- 37.37.1: A community includes all the organisms inhabiting a particular area...
- 37.37.2: Interspecific interactions are fundamental to community structure. ...
- 37.37.3: Competition may occur when a shared resource is limited.
- 37.37.4: Mutualism benefits both partners.
- 37.37.5: Predation leads to diverse adaptations in prey species.
- 37.37.6: Herbivory leads to diverse adaptations in plants. Some herbivore-pl...
- 37.37.7: Parasites and pathogens can affect community composition.
- 37.37.8: Trophic structure is a key factor in community dynamics. Trophic st...
- 37.37.9: Food chains interconnect, forming food webs.
- 37.37.10: Species diversity includes relative abundance and species richness....
- 37.37.11: Keystone species have a disproportionate impact on diversity. Altho...
- 37.37.12: Disturbance is a prominent feature of most communities. Ecological ...
- 37.37.13: Invasive species can devastate communities. Organisms that have bee...
- 37.37.14: Ecosystem ecology emphasizes energy flow and chemical cycling. An e...
- 37.37.15: Primary production sets the energy budget for ecosystems.
- 37.37.16: Energy supply limits the length of food chains. A pyramid of produc...
- 37.37.17: A pyramid of production explains the ecological cost of meat. A fie...
- 37.37.18: Chemicals are cycled between organic matter and abiotic reservoirs.
- 37.37.19: The carbon cycle depends on photosynthesis and respiration.
- 37.37.20: The phosphorus cycle depends on the weathering of rock.
- 37.37.21: The nitrogen cycle depends on bacteria. Various bacteria in soil (a...
- 37.37.22: A rapid inflow of nutrients degrades aquatic ecosystems. Nutrient i...
- 37.37.23: Ecosystem services are essential to human well-being. Although agri...
- 37.1: Fill in the blanks in the table below summarizing the interspecific...
- 37.2: Fill in the blanks in the table below summarizing terrestrial nutri...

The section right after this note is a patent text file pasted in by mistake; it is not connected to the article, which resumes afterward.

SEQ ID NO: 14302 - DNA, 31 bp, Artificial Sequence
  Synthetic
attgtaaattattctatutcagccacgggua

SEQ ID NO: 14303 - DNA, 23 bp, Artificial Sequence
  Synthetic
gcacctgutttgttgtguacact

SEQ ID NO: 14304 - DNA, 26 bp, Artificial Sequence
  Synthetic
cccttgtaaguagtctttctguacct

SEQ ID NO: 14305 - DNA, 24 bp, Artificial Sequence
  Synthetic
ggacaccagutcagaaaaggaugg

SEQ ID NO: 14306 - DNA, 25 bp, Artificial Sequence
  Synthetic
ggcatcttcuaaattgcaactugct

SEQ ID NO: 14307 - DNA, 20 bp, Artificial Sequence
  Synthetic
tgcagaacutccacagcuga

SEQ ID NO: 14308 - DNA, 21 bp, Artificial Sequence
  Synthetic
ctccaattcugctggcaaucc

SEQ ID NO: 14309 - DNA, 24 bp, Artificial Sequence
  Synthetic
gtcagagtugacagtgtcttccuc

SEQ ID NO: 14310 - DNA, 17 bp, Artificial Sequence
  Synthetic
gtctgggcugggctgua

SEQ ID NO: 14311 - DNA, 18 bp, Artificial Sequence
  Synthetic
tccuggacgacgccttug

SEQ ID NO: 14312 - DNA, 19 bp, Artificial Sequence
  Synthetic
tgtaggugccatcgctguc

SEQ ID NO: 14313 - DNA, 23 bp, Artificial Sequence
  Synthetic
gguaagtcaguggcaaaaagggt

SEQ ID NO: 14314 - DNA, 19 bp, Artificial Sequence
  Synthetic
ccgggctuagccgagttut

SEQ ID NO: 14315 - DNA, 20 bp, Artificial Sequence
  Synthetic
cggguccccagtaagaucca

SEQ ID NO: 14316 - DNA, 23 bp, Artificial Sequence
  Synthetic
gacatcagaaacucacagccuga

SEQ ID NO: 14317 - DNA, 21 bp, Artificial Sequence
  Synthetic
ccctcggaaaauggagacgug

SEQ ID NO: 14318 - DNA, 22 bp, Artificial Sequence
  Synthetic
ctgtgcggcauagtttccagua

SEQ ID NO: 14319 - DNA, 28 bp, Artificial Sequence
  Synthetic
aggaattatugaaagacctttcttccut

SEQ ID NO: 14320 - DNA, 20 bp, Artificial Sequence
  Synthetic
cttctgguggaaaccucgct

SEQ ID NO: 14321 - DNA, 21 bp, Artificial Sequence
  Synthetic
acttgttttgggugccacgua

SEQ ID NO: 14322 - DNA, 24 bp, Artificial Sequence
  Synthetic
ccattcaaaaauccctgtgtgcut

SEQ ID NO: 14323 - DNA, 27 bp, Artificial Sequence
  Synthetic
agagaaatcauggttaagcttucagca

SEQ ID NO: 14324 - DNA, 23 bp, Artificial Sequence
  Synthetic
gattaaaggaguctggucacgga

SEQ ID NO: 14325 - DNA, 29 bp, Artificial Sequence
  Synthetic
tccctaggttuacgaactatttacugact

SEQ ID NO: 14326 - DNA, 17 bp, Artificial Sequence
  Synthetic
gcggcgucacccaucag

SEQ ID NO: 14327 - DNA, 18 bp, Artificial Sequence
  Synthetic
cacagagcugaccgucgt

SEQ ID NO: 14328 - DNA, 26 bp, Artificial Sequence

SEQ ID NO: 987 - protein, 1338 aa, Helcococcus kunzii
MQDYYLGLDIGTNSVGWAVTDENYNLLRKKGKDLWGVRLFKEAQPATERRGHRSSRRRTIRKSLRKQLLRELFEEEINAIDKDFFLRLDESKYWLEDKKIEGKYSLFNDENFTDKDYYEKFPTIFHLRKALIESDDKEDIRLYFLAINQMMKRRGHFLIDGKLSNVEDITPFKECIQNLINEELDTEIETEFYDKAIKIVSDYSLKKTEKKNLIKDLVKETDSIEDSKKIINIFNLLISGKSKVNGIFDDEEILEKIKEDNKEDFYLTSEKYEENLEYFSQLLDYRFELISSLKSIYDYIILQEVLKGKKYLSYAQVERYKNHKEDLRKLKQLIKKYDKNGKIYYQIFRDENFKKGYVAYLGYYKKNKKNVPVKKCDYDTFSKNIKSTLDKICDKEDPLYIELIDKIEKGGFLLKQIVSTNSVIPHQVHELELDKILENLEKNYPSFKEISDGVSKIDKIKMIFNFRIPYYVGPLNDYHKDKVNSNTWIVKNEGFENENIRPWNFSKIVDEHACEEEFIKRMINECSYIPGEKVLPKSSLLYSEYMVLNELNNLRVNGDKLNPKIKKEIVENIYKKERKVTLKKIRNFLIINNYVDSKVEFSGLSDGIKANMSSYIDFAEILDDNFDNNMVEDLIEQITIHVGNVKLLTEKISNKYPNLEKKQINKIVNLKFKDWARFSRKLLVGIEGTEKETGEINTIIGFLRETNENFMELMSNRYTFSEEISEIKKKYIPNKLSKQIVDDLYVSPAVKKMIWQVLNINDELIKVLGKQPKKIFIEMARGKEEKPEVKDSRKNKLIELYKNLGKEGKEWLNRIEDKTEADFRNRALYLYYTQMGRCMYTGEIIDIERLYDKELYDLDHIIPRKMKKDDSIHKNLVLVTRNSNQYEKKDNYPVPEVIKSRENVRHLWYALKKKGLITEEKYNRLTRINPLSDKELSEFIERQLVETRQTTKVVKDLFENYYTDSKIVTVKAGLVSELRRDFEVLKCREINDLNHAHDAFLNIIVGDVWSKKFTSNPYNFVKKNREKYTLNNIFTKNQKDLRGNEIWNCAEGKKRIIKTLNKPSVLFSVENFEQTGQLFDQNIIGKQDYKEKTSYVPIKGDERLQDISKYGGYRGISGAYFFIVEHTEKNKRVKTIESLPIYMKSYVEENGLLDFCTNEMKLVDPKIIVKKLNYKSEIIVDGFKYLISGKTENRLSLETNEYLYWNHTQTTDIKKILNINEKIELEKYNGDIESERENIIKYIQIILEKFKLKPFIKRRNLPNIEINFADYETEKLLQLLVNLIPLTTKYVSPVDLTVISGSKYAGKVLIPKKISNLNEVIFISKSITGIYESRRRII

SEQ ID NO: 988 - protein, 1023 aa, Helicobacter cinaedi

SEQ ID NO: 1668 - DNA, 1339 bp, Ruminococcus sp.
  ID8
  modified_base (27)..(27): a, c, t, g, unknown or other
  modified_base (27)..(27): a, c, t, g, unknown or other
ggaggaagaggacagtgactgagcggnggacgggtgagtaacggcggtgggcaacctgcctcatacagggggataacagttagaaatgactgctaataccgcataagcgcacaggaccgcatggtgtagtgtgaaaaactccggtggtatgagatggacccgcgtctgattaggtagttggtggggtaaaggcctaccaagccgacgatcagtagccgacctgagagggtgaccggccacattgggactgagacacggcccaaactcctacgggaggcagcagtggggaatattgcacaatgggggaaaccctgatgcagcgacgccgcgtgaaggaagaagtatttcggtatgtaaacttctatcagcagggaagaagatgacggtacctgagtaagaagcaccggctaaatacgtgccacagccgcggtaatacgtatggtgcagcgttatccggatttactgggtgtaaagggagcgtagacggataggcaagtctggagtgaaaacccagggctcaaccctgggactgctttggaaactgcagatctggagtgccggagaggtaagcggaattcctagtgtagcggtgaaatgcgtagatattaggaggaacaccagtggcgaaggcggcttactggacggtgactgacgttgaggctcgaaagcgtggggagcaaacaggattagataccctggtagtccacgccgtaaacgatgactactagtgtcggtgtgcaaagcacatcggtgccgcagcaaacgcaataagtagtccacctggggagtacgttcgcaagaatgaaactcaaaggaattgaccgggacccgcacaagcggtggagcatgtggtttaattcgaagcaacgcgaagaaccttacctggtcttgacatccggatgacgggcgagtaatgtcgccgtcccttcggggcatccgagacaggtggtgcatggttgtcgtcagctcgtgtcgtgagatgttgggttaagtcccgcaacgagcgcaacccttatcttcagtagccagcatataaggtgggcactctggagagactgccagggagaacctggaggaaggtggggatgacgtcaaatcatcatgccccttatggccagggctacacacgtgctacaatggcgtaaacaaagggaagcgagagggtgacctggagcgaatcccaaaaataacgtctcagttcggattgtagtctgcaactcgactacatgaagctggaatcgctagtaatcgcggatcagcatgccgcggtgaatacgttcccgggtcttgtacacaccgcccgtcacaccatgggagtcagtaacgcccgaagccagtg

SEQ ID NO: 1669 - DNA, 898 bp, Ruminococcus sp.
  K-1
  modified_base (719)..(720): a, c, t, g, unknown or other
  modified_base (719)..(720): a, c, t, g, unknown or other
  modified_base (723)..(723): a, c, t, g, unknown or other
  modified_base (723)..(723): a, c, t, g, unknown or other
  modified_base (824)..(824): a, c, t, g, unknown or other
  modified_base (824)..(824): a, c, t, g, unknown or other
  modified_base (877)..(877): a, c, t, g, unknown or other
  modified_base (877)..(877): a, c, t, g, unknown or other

- 37.3: Which of the following groups is absolutely essential to the functi...
- 37.4: The open ocean and tropical rain forests contribute the most to Ear...
- 37.5: Which of the following organisms is mismatched with its trophic lev...
- 37.6: Which of the following best illustrates ecological succession? a. A...
- 37.7: To ensure adequate nitrogen for a crop, a farmer would want to decr...
- 37.8: Explain how seed dispersal by animals is an example of mutualism in...
- 37.9: What is rapid eutrophication? What steps might be taken to slow thi...
- 37.10: Local conditions, such as heavy rainfall or the removal of plants, ...
- 37.11: In Southeast Asia, theres an old saying: There is only one tiger to...
- 37.12: For which chemicals are biogeochemical cycles global? Explain.
- 37.13: What roles do bacteria play in the nitrogen cycle?
- 37.14: An ecologist studying plants in the desert performed the following ...
- 37.15: Sometime in 1986, near Detroit, a freighter pumped out water ballas...
Solutions for Chapter 37: Communities and Ecosystems
Full solutions for Campbell Biology: Concepts & Connections | 7th Edition
Air with a lapse rate less than the wet adiabatic rate.
A continuous spectrum with dark lines superimposed.
A form of condensation best described as a dense concentration of suspended water droplets or tiny ice crystals.
The change of state from a gas to a liquid.
A principle of relative dating. A rock or fault is younger than any rock (or fault) through which it cuts.
Extremely dense solar material caused by electrons being displaced inward toward an atom’s nucleus.
A sudden flash of light generated by the flow of electrons between oppositely charged parts of a cumulonimbus cloud or between the cloud and the ground.
Metamorphic rocks that do not exhibit foliation.
A star that explosively increases in brightness.
Fog resulting from radiation heat loss by Earth.
The layer of rock and mineral fragments that nearly everywhere covers Earth’s surface.
The ratio of the air’s watervapor content to its water-vapor capacity.
A fault along which the movement is horizontal.
A climate found north of the humid continental climate and south of the polar climate and characterized by bitterly cold winters and short, cool summers. Places within this climatic realm experience the highest annual temperature ranges on Earth.
A collective term for breakers; also, the wave activity in the area between the shoreline and the outer limit of breakers.
A well-tested and widely accepted view that explains certain observable facts.
The Japanese word for a seismic sea wave.
Zone of saturation
Zone where all open spaces in sediment and rock are completely filled with water.